Most songs on Helplessness Blues sway like trees bending before a gathering storm. There is an elegantly organic sense of momentum and meaning conveyed within the earnest and open harmonies and bare and urgent strumming of acoustic guitars.
All of the expected noises are present, you already know what Fleet Foxes sounds like, and it is comforting to hear the same sound grown into new and more reaching songs. Some are saying the arrangements are more ambitious, maybe they are, but it is safe to ignore those kinds of thoughts and just press play.
I adore the echoey drum sound that plonks through the whole album like an asthmatic child running after his friends. And of course the harmonies, and melodies that surge and retreat like waves. But what I’m really loving right about now is an unexpected existential strangled trumpet freak out. I like those but don’t worry there is only one on the whole album and it doesn’t interfere with the gentle posturing of the album as a whole.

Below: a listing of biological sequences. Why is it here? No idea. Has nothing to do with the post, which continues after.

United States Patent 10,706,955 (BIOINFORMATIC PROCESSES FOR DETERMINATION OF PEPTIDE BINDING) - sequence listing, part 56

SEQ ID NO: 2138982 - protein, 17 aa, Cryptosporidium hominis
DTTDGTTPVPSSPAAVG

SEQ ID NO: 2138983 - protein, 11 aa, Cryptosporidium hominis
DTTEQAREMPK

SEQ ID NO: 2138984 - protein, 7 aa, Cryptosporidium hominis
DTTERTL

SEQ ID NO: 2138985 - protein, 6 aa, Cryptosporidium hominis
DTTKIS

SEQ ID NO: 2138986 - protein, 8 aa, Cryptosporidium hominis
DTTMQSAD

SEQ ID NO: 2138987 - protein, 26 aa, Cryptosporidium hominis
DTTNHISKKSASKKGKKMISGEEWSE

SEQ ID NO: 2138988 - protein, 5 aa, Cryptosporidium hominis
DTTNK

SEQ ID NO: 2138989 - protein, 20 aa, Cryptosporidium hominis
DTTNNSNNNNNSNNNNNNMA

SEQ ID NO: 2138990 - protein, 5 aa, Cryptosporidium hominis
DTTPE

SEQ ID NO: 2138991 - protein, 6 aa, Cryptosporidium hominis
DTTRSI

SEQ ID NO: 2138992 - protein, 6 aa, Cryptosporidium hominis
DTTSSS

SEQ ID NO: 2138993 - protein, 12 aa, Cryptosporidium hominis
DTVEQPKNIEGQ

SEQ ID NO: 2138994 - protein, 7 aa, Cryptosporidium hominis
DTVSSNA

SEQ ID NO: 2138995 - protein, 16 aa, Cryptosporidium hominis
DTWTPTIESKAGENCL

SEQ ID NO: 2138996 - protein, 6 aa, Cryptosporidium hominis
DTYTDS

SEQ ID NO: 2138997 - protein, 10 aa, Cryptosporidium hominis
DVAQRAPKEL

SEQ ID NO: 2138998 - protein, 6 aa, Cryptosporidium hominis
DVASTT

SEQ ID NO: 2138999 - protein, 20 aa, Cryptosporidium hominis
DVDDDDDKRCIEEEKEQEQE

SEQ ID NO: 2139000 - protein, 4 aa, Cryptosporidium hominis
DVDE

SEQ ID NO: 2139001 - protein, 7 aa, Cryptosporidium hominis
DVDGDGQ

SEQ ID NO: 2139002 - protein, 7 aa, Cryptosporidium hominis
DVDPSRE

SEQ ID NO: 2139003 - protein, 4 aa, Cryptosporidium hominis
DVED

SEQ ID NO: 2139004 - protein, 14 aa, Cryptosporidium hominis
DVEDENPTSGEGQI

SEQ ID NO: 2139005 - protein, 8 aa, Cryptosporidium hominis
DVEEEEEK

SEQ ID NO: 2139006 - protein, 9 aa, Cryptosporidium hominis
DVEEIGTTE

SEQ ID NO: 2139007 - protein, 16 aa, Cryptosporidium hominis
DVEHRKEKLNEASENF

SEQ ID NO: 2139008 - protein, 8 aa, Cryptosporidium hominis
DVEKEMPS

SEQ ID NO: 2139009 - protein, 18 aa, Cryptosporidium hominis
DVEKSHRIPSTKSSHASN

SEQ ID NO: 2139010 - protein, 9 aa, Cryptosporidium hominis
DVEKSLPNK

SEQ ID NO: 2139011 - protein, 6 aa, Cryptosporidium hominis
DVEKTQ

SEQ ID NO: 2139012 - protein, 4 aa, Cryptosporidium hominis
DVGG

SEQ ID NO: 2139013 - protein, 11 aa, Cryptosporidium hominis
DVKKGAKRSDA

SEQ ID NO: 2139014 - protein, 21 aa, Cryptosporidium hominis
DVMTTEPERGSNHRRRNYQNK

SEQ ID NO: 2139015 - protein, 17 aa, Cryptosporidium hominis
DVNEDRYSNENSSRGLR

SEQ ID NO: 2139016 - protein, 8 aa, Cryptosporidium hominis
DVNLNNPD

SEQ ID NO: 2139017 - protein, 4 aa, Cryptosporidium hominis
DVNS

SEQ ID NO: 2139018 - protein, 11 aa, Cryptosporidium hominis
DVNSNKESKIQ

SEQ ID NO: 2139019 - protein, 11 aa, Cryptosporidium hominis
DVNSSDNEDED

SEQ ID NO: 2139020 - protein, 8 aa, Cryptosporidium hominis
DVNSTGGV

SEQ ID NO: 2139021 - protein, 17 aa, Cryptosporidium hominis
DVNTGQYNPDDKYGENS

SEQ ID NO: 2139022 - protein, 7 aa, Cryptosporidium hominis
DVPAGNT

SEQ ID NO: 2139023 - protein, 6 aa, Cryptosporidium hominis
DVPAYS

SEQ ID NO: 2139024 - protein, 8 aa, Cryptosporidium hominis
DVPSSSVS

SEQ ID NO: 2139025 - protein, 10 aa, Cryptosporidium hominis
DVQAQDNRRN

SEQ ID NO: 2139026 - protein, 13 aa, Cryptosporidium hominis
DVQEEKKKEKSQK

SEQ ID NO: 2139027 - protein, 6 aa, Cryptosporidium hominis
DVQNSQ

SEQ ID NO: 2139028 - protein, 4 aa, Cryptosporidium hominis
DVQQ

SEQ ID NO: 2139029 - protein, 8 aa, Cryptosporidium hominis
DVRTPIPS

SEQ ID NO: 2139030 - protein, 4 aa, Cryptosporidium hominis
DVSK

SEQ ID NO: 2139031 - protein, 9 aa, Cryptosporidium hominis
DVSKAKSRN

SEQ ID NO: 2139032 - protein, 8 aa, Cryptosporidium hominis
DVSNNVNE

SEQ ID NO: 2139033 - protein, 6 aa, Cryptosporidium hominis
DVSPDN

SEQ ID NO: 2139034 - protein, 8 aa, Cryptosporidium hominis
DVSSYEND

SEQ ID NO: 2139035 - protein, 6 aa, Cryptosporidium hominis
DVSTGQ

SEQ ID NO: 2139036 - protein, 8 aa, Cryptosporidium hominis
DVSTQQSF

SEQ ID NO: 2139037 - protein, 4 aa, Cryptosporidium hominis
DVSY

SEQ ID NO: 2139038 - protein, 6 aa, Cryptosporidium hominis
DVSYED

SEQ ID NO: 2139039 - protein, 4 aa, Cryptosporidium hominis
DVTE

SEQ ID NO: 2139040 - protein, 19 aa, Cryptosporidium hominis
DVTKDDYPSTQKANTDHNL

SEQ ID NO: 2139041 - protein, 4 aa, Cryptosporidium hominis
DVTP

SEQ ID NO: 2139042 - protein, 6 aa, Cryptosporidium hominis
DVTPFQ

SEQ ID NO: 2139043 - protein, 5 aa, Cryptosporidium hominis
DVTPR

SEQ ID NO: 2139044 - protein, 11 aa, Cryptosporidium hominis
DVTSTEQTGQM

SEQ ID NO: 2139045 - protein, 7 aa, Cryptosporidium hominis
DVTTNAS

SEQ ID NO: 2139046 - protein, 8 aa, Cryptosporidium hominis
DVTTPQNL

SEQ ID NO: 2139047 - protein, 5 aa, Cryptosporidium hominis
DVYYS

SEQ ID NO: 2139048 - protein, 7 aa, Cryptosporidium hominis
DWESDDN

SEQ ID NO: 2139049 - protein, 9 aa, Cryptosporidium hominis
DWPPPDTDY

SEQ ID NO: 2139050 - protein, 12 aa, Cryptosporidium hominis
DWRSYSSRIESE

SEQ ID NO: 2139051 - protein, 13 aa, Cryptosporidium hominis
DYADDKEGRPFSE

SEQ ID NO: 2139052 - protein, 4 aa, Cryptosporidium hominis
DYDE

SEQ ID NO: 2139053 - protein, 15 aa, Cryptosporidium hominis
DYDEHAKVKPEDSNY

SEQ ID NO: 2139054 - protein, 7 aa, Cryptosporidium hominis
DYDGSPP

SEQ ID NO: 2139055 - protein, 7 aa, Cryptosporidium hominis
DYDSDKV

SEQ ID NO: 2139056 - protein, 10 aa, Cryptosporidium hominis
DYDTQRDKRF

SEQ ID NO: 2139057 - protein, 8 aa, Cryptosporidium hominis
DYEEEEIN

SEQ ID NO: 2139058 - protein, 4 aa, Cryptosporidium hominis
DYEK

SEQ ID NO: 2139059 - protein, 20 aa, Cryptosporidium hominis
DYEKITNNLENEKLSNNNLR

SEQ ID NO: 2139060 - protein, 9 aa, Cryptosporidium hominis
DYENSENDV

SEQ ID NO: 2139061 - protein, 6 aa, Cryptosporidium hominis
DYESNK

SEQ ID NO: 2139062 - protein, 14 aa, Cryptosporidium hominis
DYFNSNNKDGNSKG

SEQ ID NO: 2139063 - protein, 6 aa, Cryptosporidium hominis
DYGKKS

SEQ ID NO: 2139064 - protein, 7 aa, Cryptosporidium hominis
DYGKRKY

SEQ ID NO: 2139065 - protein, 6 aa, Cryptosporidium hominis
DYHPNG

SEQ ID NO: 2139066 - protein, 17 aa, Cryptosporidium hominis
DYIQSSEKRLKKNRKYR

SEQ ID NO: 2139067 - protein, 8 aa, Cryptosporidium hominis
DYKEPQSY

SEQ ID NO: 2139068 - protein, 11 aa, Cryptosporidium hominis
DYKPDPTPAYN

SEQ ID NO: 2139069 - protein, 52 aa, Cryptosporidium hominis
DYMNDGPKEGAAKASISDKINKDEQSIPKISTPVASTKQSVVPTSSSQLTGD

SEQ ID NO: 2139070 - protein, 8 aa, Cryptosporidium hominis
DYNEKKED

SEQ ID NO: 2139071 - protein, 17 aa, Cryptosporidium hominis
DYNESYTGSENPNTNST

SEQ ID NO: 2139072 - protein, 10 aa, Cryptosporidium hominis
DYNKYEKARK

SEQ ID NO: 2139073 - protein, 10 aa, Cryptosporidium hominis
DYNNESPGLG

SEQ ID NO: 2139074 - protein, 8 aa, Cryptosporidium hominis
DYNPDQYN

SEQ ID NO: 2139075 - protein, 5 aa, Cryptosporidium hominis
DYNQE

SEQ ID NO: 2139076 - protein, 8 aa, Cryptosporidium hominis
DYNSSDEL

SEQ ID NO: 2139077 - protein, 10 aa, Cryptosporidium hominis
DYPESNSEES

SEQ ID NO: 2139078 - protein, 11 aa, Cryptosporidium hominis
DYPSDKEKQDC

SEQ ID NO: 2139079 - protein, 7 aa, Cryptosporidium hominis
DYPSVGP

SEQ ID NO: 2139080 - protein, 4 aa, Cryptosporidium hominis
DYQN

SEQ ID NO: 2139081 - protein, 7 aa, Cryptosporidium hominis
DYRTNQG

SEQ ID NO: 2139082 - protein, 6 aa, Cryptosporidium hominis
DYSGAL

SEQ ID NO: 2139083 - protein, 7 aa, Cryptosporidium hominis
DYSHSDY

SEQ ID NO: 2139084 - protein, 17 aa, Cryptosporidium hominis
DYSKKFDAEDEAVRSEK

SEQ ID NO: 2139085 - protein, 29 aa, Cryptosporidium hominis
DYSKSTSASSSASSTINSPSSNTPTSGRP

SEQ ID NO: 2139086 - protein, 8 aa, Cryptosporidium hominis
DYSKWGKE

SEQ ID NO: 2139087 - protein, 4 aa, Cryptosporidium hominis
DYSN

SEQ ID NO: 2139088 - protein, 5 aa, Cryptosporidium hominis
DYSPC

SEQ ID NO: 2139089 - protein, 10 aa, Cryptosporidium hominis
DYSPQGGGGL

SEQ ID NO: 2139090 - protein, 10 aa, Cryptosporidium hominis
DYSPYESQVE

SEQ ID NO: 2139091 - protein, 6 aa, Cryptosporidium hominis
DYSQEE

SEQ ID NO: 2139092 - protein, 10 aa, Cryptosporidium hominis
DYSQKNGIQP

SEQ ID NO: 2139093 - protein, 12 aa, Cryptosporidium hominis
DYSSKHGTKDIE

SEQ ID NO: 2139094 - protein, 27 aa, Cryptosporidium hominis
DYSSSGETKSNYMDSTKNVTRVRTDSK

You might need to put on your earnestness hat to properly listen to Helplessness Blues, it will help. It is also best to leave a respectable distance between you and your speakers when you are playing this album. If you sit too close you’ll be listening wrong. This album requires space, distance and a kind of pottering activity to be heard at its best. I suggest tidying the kitchen and then baking a cake, with love.
People keep mentioning the beautiful lyrics on this album but so far I have allowed the sound to wash around unsullied by literary critique. That is a rare and important gift. The only other album I listen to like that is Unhalfbricking by Fairport Convention, which led me to miss the point entirely on most of the songs but I don’t really mind. Sometimes an album is just for listening to and its best to bow down and be grateful for the invention of sound.